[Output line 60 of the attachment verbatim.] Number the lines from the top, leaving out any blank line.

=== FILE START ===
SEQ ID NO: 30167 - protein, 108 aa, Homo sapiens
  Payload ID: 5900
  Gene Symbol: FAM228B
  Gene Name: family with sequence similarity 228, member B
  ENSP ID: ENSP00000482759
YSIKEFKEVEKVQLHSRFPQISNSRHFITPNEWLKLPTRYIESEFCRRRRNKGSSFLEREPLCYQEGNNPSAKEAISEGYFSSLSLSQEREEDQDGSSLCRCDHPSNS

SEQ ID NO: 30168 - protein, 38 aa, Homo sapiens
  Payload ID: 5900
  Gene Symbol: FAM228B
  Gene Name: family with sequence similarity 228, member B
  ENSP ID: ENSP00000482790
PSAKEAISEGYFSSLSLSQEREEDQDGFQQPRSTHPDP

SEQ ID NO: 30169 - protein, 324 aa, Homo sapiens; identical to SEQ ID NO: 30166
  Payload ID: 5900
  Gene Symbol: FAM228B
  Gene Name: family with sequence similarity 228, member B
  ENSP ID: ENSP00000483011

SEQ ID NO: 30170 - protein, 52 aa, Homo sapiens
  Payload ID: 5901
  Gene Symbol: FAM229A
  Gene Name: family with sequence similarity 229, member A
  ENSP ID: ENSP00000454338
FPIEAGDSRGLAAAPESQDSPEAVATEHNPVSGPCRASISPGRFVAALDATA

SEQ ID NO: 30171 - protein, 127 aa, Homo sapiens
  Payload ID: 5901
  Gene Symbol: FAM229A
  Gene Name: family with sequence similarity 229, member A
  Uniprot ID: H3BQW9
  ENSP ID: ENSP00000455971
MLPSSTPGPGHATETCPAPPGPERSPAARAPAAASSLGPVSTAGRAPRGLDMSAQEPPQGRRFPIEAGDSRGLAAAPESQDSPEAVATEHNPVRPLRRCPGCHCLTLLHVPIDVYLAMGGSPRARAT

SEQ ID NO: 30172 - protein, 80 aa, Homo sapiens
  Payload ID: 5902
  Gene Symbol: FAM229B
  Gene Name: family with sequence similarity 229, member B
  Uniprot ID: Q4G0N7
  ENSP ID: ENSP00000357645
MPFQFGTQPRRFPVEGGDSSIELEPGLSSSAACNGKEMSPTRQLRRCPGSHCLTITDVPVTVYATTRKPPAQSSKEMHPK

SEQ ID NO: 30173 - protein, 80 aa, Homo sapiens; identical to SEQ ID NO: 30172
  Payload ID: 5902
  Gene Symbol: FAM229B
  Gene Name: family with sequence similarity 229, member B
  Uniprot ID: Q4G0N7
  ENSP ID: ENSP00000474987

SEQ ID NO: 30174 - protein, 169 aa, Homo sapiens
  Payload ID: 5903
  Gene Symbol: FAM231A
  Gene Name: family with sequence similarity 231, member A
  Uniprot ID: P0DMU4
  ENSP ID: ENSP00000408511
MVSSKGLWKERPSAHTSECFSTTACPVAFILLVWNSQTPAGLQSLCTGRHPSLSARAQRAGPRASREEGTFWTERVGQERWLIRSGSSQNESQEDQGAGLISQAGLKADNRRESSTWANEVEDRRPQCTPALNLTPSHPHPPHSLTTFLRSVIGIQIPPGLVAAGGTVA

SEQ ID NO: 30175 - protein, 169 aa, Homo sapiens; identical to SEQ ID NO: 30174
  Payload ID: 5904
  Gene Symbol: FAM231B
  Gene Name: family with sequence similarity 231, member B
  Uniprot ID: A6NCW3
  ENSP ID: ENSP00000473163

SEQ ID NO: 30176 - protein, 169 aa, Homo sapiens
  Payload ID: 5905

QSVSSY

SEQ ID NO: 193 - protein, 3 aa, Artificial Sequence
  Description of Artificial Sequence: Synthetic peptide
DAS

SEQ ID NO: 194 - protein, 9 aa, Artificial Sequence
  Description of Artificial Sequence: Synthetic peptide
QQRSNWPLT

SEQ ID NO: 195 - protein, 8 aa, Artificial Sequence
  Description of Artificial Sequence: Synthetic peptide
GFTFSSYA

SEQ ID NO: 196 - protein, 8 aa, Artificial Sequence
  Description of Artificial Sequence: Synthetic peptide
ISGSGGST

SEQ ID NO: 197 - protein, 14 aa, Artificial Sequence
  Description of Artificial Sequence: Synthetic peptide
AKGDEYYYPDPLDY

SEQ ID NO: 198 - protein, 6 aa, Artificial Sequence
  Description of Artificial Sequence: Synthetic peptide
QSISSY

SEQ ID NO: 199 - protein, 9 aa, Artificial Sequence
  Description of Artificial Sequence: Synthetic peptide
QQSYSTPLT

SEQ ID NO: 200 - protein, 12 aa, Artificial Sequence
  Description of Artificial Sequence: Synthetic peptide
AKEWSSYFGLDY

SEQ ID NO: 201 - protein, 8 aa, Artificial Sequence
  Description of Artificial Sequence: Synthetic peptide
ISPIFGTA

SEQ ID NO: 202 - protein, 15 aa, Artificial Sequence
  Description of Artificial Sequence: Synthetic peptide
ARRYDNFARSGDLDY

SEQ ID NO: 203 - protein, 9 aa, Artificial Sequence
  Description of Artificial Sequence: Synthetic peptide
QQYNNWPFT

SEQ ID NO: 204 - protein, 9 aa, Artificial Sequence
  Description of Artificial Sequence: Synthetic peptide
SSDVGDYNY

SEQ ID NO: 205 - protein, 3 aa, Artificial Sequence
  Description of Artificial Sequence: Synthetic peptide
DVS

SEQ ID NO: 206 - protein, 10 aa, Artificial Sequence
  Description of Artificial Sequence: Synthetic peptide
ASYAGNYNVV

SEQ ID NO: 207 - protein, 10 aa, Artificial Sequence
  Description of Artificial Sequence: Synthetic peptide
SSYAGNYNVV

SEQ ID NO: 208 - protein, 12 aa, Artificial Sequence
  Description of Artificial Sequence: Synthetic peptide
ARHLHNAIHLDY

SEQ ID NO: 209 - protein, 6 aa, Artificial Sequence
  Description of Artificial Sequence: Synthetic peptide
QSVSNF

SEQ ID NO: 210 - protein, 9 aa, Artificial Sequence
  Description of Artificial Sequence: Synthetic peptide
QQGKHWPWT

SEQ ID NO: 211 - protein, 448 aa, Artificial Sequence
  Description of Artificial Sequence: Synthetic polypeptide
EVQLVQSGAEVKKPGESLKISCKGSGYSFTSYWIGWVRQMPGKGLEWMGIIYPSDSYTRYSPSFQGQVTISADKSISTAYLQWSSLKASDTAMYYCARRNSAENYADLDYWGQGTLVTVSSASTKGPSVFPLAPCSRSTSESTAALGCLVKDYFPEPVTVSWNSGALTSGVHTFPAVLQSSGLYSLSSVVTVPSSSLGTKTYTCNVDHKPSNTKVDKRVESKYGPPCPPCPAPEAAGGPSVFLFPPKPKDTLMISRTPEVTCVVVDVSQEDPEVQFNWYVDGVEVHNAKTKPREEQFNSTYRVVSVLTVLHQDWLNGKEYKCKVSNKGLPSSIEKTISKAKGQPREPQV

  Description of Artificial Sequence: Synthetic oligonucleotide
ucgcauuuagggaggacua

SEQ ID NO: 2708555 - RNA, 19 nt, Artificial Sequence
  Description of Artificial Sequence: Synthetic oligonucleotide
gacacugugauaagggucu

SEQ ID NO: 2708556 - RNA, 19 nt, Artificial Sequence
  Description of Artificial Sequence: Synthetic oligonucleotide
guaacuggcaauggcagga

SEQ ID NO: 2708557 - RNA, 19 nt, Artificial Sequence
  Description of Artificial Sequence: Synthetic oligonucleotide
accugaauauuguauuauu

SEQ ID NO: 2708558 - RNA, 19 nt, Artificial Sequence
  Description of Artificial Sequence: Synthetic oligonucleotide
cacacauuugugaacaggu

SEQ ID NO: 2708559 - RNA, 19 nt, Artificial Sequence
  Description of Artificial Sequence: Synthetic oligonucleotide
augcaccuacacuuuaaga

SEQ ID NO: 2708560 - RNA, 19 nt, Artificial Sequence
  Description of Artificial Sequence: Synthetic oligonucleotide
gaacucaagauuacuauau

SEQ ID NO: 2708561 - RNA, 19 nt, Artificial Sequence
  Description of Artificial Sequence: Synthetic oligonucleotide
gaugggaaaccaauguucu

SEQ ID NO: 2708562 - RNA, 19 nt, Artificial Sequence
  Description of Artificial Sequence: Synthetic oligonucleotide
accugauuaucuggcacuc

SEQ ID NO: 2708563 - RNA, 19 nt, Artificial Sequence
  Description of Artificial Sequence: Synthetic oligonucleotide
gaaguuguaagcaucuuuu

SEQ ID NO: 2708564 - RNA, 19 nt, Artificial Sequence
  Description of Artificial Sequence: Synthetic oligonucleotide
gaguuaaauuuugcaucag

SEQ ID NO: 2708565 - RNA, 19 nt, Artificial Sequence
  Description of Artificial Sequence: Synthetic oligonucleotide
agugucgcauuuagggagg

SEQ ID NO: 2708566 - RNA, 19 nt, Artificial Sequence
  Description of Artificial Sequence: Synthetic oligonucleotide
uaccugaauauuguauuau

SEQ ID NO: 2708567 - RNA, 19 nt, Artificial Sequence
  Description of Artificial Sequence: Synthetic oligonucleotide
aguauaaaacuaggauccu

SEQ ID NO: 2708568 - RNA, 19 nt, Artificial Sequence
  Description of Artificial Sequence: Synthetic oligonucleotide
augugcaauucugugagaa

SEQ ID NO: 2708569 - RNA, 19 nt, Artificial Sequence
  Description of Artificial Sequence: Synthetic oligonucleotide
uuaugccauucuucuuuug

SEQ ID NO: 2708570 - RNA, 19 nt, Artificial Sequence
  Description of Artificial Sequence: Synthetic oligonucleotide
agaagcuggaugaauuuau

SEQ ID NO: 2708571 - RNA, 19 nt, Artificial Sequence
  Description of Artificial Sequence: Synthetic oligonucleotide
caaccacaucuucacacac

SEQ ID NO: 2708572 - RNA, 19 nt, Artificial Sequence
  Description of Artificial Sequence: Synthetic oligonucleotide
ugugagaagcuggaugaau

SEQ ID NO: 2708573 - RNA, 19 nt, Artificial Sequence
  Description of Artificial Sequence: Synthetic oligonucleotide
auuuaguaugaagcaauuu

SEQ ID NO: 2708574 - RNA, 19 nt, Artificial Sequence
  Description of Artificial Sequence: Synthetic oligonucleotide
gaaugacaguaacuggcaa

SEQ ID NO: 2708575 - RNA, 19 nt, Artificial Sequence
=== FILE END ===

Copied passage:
SEQ ID NO: 193 - protein, 3 aa, Artificial Sequence